After Android introduced the action bar after 3.x, I found that its native API hides all icons if the menu item is shown in overflow (three dots (ellipsis) on a MENU-button-lacking device, or after pressing the Menu button if that device has Menu button).

Although we could force it to display icons using reflection API like this post on StackOverflow, and applications built-in to Samsung devices, like SNote/SPlanner, also have overflow menu items with icons. Obviously this is not the built-in behavior of the original overflow menu item of the Android platform.

So I'm wondering why Android thinks overflow menu items should not have icons along with them? Is there a UI design reason that having icons in overflow menus is a bad idea?

In other words, what I would like to know is what's the philosophy behind this design of not showing icons in overflow menu, and if it's a bad idea if I force it to display an icon? Because what I find is only the description of this behavior, but without any reasonable UI/UX explanations.


2 Answers 2


The reason probably is that the items in the Overflow menu are supposed to be less-used items and we show full text there instead of a bunch of icons. See link. When an item is frequently used(even in other apps), users are used to what the icon will do, but the overflow menu probably contain menu-items specific to your app, and your perception of an icon to describe the action might not be similar to that of the user's. See this link as well.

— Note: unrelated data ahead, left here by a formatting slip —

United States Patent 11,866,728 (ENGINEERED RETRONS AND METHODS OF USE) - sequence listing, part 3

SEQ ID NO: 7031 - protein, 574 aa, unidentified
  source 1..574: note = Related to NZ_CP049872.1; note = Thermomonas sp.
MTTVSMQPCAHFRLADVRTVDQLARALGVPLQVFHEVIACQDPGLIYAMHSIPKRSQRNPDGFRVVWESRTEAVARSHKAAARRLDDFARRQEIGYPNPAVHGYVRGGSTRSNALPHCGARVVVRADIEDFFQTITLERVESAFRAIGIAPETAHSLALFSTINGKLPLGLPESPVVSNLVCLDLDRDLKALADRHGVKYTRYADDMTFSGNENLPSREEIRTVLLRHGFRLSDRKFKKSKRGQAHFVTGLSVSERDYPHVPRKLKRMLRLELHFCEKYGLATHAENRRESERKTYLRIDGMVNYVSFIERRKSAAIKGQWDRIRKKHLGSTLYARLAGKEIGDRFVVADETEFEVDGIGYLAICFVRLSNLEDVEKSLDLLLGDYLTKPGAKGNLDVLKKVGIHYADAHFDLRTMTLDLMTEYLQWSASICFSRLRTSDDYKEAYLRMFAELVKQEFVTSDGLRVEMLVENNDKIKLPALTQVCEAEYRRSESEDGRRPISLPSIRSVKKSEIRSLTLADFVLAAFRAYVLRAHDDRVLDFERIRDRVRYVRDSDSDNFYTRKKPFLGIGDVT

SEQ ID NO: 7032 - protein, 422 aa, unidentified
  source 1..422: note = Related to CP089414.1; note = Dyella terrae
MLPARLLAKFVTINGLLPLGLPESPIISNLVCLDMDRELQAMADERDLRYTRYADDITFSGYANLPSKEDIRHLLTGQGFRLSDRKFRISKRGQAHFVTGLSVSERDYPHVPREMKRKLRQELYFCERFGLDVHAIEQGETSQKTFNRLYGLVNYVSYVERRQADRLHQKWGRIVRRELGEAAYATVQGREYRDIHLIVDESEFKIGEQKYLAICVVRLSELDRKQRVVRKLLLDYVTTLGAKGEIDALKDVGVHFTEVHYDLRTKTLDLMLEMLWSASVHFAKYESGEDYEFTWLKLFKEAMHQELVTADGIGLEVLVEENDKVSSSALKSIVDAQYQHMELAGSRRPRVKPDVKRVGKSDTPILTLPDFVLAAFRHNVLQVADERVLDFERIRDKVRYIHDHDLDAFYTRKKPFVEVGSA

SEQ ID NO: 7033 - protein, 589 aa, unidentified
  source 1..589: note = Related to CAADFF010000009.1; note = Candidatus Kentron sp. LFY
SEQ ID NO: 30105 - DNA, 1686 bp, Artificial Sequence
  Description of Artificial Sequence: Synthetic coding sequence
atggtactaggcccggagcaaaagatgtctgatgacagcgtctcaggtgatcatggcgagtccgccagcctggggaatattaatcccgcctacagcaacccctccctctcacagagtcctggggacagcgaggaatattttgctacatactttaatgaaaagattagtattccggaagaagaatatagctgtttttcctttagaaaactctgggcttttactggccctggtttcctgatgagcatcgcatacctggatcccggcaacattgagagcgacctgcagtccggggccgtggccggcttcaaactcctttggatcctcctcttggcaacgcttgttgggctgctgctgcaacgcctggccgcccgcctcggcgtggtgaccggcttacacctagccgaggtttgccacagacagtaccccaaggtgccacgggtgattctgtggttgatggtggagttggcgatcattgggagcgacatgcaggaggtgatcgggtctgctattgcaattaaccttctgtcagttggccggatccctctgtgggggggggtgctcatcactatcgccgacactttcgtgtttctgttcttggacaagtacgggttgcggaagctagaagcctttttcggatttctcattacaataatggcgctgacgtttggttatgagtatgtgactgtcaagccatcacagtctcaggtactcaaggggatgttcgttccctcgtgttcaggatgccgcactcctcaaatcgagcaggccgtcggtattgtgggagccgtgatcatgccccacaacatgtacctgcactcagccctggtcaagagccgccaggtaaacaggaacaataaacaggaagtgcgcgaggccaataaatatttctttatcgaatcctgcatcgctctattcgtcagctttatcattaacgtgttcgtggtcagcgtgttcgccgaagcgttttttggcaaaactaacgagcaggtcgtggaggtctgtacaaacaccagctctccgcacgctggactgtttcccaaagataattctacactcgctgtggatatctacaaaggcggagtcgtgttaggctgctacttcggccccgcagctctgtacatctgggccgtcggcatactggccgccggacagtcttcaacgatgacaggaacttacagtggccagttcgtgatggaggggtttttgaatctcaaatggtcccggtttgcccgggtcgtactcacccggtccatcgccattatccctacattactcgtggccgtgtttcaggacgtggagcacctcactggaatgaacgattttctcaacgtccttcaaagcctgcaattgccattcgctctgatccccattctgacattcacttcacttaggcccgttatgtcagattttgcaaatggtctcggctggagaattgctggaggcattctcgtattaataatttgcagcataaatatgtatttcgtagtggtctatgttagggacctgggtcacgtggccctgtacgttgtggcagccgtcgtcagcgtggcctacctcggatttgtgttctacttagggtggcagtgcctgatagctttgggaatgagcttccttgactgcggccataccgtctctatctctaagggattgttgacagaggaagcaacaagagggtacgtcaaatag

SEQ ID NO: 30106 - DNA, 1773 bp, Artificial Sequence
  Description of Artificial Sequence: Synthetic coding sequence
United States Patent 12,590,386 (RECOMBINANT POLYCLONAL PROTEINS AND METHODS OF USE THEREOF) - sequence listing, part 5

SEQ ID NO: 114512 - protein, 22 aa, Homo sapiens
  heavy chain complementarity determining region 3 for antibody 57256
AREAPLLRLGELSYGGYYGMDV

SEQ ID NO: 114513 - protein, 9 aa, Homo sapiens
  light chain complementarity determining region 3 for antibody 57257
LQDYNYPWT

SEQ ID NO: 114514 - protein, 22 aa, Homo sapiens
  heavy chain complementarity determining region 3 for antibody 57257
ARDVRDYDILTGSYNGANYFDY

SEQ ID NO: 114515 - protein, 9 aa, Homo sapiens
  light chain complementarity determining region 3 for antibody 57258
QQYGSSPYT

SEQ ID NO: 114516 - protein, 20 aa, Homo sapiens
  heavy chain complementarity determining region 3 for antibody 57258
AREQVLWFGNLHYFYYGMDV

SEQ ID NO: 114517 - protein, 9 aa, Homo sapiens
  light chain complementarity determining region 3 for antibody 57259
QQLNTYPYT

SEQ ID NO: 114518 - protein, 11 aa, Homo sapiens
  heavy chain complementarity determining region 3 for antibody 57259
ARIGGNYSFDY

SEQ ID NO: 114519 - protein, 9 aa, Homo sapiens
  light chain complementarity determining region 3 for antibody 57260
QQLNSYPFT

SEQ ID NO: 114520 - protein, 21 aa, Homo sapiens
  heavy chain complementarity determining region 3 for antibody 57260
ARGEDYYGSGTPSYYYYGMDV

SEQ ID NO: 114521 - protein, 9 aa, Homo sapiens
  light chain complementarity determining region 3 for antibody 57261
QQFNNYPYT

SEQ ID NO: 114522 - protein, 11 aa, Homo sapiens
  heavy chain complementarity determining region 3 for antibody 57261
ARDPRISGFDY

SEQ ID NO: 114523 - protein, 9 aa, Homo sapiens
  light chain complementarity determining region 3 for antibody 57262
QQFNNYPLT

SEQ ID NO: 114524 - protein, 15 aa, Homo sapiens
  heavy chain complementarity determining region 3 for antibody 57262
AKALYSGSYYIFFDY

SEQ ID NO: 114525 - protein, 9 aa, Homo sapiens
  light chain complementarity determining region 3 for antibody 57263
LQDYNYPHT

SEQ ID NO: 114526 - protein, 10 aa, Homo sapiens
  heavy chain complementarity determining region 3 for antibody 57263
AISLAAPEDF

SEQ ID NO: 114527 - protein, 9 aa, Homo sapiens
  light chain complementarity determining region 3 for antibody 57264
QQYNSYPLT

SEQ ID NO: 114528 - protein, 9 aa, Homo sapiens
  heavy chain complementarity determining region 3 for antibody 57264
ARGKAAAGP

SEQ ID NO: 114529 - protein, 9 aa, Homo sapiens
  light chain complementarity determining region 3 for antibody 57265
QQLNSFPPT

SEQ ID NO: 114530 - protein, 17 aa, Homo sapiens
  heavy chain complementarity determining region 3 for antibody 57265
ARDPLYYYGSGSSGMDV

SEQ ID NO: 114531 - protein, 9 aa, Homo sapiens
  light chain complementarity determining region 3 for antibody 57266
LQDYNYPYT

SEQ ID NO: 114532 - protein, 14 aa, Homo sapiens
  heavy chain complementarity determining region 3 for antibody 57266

On the other-hand the action items on the Action bar displays frequently used or important actions related to the app(and see there are no text by default)

You can ofcourse show the icon also by setting android:showAsAction="always" in the menu xml.


because it is banned by the google for v3.0+

Say Goodbye to the Menu Button

Before Android 3.0 (Honeycomb), all Android-powered devices included a dedicated Menu button. As a developer, you could use the Menu button to display whatever options were relevant to the user, often using the activity’s built-in options menu. Honeycomb removed the reliance on physical buttons, and introduced the ActionBar class as the standard solution to make actions from the user options immediately visible and quick to invoke

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